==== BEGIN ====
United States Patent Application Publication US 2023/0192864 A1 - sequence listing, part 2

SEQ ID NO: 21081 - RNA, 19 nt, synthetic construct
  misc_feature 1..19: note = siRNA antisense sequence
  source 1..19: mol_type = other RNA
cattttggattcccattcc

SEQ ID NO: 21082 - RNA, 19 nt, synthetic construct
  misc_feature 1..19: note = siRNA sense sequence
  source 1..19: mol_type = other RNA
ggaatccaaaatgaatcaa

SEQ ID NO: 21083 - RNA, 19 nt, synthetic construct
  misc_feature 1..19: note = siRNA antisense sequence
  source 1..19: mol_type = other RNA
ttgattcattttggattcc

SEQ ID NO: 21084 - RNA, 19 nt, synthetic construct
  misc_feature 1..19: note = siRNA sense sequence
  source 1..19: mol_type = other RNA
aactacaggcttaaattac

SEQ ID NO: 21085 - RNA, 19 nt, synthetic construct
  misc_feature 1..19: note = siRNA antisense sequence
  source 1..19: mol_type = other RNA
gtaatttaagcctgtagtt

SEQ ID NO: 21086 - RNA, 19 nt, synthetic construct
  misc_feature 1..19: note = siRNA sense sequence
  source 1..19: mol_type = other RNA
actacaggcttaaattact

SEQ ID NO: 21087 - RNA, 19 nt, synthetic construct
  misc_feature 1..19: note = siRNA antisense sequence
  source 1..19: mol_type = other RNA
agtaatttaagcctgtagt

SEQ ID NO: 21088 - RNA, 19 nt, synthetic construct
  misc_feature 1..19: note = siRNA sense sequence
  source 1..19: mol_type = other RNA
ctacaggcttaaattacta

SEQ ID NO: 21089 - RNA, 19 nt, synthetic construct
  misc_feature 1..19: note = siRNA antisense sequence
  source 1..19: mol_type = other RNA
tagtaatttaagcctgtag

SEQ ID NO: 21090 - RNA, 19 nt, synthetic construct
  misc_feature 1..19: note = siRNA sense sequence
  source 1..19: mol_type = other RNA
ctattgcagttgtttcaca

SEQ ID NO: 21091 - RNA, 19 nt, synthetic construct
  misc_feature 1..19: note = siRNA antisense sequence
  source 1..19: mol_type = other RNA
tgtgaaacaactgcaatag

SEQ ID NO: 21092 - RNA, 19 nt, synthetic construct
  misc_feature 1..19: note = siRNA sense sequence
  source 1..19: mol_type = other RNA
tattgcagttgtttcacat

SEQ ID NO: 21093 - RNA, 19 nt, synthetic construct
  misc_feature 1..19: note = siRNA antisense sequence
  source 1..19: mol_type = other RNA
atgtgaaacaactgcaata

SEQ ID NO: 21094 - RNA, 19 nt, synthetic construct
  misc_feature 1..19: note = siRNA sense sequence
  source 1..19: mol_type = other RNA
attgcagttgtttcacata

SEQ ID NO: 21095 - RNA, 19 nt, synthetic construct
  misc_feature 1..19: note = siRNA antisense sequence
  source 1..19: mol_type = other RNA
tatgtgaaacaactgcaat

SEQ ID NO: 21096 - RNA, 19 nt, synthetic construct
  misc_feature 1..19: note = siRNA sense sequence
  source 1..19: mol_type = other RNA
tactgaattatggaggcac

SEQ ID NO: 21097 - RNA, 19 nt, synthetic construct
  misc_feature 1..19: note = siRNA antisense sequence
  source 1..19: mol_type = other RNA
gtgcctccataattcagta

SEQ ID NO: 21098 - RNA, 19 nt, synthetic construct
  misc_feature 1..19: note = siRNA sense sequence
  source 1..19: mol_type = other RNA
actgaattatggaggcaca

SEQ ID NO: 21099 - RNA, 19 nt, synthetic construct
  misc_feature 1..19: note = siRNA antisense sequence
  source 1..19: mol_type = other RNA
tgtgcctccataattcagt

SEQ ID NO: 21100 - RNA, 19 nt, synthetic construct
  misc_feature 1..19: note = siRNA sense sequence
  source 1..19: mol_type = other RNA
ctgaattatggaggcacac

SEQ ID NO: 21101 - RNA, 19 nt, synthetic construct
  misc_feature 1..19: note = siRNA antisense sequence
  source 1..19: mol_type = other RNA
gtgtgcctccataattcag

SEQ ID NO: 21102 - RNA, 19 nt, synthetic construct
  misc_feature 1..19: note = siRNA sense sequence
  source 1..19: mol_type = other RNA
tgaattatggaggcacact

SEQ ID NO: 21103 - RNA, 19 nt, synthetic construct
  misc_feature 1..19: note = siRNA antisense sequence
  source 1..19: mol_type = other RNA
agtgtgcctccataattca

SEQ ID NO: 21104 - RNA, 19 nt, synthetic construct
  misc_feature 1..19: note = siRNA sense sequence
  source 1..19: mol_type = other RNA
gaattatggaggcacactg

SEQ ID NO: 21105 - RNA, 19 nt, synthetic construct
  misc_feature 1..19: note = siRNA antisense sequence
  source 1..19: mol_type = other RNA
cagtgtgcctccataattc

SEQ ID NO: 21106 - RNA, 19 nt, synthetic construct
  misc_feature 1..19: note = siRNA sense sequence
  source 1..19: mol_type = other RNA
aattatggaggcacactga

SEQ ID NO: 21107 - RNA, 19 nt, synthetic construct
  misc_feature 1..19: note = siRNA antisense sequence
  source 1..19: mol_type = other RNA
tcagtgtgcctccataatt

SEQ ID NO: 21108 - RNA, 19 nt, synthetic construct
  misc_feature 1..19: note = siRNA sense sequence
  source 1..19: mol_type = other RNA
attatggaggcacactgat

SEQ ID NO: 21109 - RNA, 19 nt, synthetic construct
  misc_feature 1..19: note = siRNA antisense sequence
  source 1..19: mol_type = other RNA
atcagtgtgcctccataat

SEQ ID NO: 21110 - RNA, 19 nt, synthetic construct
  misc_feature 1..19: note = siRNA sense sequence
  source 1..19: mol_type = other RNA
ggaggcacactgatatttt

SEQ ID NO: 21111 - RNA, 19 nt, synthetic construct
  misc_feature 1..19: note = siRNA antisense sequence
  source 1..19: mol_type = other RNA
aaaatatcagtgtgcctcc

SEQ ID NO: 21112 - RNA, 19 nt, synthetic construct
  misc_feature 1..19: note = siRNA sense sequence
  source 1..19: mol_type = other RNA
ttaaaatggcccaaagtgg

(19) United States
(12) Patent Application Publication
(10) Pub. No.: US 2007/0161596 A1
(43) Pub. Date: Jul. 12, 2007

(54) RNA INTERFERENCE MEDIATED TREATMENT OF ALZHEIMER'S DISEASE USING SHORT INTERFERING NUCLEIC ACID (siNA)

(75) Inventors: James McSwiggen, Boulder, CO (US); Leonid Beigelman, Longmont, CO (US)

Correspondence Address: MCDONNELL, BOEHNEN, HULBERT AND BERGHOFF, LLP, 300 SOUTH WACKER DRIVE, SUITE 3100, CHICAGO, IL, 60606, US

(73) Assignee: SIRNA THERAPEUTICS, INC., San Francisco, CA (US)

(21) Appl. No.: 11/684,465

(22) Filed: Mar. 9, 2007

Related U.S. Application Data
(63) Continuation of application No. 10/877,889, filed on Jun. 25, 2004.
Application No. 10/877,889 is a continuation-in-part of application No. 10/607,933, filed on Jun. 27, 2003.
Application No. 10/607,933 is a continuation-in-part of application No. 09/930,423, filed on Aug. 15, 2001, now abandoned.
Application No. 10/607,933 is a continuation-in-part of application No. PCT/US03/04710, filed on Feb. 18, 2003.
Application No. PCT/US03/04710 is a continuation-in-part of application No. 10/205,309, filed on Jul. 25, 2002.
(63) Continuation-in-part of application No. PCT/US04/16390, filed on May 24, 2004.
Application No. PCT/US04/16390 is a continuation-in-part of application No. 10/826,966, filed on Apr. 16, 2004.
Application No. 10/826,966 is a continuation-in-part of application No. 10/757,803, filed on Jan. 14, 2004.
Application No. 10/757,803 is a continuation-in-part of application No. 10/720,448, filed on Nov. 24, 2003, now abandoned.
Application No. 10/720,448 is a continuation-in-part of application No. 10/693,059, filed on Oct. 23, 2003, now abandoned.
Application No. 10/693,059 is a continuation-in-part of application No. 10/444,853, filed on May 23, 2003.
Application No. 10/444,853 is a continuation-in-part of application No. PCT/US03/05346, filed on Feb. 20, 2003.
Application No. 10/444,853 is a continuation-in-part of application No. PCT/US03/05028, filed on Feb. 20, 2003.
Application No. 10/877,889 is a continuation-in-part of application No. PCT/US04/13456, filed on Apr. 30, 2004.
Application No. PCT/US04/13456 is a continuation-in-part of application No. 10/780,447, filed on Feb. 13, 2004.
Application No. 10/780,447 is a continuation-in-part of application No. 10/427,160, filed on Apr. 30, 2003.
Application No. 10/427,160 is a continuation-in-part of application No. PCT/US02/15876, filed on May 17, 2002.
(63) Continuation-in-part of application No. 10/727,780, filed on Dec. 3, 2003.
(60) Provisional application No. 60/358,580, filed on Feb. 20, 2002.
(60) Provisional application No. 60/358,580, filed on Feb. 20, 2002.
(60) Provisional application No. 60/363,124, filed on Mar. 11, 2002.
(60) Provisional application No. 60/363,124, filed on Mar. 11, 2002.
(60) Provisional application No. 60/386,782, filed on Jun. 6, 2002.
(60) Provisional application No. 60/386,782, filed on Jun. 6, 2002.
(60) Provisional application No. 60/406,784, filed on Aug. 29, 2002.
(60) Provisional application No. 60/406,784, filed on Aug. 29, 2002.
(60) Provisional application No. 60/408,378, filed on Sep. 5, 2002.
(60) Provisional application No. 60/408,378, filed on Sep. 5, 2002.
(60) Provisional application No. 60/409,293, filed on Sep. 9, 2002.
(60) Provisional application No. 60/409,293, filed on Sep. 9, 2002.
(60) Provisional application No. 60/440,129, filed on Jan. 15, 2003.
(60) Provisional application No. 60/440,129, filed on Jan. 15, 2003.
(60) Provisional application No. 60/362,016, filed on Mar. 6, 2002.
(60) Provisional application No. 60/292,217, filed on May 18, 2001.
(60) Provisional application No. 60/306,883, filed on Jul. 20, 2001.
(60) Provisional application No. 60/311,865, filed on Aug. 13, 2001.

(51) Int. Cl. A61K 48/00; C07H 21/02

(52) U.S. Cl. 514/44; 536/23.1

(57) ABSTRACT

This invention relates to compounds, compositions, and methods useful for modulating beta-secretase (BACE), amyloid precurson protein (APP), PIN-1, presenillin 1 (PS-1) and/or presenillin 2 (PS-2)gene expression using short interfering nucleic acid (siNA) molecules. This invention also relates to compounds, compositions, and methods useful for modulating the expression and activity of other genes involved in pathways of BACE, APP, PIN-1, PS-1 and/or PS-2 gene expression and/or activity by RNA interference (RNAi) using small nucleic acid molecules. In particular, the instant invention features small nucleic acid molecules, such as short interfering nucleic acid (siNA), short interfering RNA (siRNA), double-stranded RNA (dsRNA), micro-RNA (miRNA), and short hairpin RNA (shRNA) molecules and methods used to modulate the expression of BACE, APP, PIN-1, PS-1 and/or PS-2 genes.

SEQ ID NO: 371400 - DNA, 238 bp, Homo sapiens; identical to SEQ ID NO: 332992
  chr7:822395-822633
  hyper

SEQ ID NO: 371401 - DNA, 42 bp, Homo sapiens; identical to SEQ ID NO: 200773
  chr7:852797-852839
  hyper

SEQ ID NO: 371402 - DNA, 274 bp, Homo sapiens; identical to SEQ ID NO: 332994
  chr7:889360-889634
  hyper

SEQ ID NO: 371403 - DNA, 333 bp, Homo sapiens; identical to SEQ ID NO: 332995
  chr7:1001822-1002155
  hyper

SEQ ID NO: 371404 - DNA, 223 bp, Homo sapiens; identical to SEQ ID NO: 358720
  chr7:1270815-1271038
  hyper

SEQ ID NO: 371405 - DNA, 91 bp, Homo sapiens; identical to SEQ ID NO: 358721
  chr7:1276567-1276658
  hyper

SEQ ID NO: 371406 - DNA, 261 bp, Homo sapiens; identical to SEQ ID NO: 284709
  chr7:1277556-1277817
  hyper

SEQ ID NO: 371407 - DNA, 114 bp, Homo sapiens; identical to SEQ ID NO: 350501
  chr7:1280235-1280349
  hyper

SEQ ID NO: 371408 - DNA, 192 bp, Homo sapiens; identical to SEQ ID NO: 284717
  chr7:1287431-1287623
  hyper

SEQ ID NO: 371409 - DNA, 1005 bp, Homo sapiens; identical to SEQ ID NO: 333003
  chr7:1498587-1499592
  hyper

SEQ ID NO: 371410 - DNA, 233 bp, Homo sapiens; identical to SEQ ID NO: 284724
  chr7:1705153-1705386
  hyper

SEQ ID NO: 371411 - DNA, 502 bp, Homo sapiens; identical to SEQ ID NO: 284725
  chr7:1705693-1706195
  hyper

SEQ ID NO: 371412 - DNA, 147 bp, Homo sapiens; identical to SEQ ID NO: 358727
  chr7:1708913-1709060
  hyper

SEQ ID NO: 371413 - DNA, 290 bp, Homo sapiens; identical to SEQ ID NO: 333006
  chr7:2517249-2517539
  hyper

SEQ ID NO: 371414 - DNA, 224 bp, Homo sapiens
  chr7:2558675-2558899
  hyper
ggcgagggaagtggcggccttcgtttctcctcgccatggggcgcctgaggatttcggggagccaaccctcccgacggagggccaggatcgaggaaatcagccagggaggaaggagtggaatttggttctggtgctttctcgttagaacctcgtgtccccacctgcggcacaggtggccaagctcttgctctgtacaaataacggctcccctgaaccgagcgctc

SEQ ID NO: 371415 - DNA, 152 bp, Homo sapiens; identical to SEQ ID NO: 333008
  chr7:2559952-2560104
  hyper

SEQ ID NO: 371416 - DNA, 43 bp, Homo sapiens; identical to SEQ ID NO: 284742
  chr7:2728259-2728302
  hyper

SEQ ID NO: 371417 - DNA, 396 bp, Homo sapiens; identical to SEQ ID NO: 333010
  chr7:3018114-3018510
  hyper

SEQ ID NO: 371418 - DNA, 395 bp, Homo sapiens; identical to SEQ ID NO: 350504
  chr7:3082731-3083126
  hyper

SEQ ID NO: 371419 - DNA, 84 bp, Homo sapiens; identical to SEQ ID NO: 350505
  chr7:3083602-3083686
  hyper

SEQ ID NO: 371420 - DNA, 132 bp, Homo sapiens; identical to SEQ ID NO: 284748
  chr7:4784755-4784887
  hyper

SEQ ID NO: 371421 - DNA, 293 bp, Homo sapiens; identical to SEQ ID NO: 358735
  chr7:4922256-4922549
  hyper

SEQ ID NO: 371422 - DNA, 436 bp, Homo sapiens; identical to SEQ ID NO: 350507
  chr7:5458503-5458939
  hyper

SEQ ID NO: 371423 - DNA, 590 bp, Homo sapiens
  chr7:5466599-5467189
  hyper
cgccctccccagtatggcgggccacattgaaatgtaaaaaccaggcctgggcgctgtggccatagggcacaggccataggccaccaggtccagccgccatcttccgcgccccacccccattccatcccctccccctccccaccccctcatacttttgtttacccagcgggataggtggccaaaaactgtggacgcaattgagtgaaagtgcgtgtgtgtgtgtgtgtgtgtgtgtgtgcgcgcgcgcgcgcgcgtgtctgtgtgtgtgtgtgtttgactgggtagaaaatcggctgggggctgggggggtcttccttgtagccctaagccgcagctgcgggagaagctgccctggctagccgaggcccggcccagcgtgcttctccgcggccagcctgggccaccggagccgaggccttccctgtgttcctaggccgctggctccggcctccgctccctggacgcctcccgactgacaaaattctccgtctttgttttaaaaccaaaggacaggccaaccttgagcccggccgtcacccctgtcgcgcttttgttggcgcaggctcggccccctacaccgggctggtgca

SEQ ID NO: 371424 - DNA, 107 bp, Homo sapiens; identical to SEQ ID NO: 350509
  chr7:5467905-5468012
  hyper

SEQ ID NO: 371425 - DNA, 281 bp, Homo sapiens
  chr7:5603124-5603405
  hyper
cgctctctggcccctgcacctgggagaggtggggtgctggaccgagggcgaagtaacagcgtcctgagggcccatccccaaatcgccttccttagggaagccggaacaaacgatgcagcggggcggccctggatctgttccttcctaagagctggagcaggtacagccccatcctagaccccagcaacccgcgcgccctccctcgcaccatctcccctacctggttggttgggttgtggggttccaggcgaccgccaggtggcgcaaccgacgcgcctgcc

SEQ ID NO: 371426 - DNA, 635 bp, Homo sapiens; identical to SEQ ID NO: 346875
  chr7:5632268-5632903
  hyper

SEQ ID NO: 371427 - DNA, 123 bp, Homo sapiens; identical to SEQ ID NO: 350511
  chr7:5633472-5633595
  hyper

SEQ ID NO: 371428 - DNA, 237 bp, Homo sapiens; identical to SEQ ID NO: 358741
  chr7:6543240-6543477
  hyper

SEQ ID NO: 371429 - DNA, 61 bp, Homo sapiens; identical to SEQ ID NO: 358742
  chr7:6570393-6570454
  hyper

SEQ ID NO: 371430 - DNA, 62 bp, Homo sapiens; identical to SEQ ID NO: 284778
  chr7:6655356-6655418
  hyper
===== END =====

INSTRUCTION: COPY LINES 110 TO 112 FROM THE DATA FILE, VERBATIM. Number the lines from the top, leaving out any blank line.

SEQ ID NO: 21108 - RNA, 19 nt, synthetic construct
  misc_feature 1..19: note = siRNA sense sequence
  source 1..19: mol_type = other RNA